“After nourishment, shelter and companionship, stories are the thing we need most in the world.”
— Author Philip Pullman
Stories. They can move us to tears, change our minds, influence our behaviors, and even inspire us to action. But it's worthwhile to ask the question: Why is that?
It’s just the way our brains work…
“Our brains have been evolutionally hardwired to process incoming information through story terms and structures,” writes Kendall Haven, author of Story Proof: The Science Behind The Startling Power of Story. Recent studies into our brain chemistry back him up. As renowned neuroeconomist and author Paul Zak has found, emotional prompting within a story triggers the brain to synthesize a neurochemical called “oxytocin” that switches on the brain’s “attentional spotlight” and triggers feelings of bonding, empathy and narrative transportation. And those feelings move us to make changes in our lives.
…and always have
From Socrates to Cicero to Springsteen, storytelling is how humans have always communicated information, shared experiences, inspired action and persuaded each other to buy into things. In fact, long before things were committed to paper, stories are how information and life lessons were communicated from person to person. It was necessary to our survival. It persists as a universal feature of every country and every culture. Using characters, actions, settings and story arcs, we package up our view of the world in a way that breaks through the clutter, captures imaginations, and stirs emotions.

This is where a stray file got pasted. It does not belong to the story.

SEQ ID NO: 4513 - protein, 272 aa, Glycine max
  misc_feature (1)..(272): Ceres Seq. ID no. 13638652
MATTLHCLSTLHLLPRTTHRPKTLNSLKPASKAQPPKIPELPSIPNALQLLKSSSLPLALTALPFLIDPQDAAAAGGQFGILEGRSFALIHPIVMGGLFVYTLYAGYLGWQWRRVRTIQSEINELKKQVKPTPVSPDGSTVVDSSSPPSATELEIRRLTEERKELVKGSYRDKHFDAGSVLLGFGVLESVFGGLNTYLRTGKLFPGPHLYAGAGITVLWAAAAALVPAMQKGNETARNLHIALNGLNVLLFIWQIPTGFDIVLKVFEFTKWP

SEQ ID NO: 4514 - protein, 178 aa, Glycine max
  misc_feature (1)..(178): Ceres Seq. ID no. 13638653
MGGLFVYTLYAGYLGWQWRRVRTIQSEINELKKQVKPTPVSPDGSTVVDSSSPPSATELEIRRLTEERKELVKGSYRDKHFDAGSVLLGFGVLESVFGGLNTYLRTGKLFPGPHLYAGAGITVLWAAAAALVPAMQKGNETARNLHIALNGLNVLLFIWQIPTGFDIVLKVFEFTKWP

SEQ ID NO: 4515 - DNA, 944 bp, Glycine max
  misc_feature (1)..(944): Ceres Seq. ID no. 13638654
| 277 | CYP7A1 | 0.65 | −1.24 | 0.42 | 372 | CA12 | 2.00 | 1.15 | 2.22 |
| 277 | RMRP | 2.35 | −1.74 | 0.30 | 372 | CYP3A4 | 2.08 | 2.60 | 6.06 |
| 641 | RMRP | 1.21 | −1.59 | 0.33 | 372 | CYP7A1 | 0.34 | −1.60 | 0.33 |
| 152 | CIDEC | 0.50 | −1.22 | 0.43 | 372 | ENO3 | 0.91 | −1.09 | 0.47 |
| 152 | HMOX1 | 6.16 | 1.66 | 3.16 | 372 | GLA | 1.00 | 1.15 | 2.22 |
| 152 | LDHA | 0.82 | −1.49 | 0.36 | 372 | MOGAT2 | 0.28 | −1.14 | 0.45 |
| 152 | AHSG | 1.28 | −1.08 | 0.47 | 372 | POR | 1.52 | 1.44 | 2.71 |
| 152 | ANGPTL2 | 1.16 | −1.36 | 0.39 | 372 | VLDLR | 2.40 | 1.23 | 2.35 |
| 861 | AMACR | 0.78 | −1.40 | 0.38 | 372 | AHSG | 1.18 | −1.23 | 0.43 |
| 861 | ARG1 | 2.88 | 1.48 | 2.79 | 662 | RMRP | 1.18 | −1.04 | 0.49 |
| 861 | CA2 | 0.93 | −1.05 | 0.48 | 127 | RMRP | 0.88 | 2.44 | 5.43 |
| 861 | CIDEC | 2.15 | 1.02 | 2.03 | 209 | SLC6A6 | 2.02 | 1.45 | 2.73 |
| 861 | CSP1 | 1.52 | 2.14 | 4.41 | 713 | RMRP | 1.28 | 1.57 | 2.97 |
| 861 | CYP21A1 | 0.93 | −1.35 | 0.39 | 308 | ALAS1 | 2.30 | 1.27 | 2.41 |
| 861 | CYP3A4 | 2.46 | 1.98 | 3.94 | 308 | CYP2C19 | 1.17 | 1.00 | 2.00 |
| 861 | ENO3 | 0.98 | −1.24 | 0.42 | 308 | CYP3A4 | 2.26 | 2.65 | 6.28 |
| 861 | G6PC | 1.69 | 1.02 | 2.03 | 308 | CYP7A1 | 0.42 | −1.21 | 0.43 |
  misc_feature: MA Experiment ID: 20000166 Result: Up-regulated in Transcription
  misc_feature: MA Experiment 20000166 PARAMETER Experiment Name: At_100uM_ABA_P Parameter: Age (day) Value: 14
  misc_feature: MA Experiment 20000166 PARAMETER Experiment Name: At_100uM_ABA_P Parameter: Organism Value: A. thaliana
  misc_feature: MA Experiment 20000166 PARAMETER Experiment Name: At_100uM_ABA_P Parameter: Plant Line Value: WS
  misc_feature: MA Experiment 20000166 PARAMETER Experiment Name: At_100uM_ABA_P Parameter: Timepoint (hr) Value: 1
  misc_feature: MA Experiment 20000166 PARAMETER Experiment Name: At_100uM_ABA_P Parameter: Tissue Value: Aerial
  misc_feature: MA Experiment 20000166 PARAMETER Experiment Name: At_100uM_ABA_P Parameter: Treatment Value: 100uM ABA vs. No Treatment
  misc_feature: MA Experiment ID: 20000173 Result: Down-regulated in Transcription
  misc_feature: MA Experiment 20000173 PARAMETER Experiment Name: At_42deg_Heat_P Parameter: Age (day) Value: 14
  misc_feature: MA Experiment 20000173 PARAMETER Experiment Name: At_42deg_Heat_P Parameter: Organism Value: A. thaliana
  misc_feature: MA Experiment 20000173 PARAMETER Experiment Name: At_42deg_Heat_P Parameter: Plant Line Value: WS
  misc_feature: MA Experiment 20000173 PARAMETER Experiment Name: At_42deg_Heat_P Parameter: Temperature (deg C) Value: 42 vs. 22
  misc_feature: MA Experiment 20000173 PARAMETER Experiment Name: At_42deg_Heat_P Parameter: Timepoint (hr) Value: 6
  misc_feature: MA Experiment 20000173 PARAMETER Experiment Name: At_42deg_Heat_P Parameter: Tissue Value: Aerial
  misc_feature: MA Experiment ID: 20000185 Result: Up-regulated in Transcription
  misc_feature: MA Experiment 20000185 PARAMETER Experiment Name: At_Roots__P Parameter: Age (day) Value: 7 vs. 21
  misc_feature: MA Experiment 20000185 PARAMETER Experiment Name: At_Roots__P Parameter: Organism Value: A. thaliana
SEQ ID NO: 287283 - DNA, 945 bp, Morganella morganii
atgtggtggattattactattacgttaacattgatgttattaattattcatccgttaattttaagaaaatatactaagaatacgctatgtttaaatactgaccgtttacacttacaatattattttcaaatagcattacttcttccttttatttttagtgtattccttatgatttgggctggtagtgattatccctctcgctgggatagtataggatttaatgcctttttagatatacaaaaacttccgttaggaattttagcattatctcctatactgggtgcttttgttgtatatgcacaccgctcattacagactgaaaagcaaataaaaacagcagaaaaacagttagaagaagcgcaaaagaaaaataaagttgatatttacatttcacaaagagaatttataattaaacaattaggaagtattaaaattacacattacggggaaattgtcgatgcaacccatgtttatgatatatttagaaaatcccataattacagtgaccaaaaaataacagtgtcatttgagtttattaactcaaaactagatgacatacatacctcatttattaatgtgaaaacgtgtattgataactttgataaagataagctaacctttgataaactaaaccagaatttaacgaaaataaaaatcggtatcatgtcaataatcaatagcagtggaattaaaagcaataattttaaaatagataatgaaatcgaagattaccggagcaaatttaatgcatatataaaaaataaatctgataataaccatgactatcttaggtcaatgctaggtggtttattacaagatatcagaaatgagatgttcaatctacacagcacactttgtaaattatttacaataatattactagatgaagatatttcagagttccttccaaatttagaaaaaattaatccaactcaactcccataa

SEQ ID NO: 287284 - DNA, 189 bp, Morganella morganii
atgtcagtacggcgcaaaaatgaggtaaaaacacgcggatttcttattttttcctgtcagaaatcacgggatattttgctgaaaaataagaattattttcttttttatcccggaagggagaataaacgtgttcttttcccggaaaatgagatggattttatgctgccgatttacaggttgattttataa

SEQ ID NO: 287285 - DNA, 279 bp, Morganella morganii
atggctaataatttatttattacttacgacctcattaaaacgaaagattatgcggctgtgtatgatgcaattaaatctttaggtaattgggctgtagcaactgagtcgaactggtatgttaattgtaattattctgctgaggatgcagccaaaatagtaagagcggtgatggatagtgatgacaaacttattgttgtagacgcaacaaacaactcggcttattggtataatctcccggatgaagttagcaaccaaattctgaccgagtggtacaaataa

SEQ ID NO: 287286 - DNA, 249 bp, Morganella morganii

Stories make ideas stick.
“Storytelling ideally confirms some truth that deepens our understanding of who we are as human beings. Stories affirm who we are. We all want affirmations that our lives have meaning. And nothing is a greater affirmation than when we connect through stories. It allows us to experience the similarities between ourselves and others – both real and imagined.”
— Andrew Stanton, Oscar-winning Filmmaker, Pixar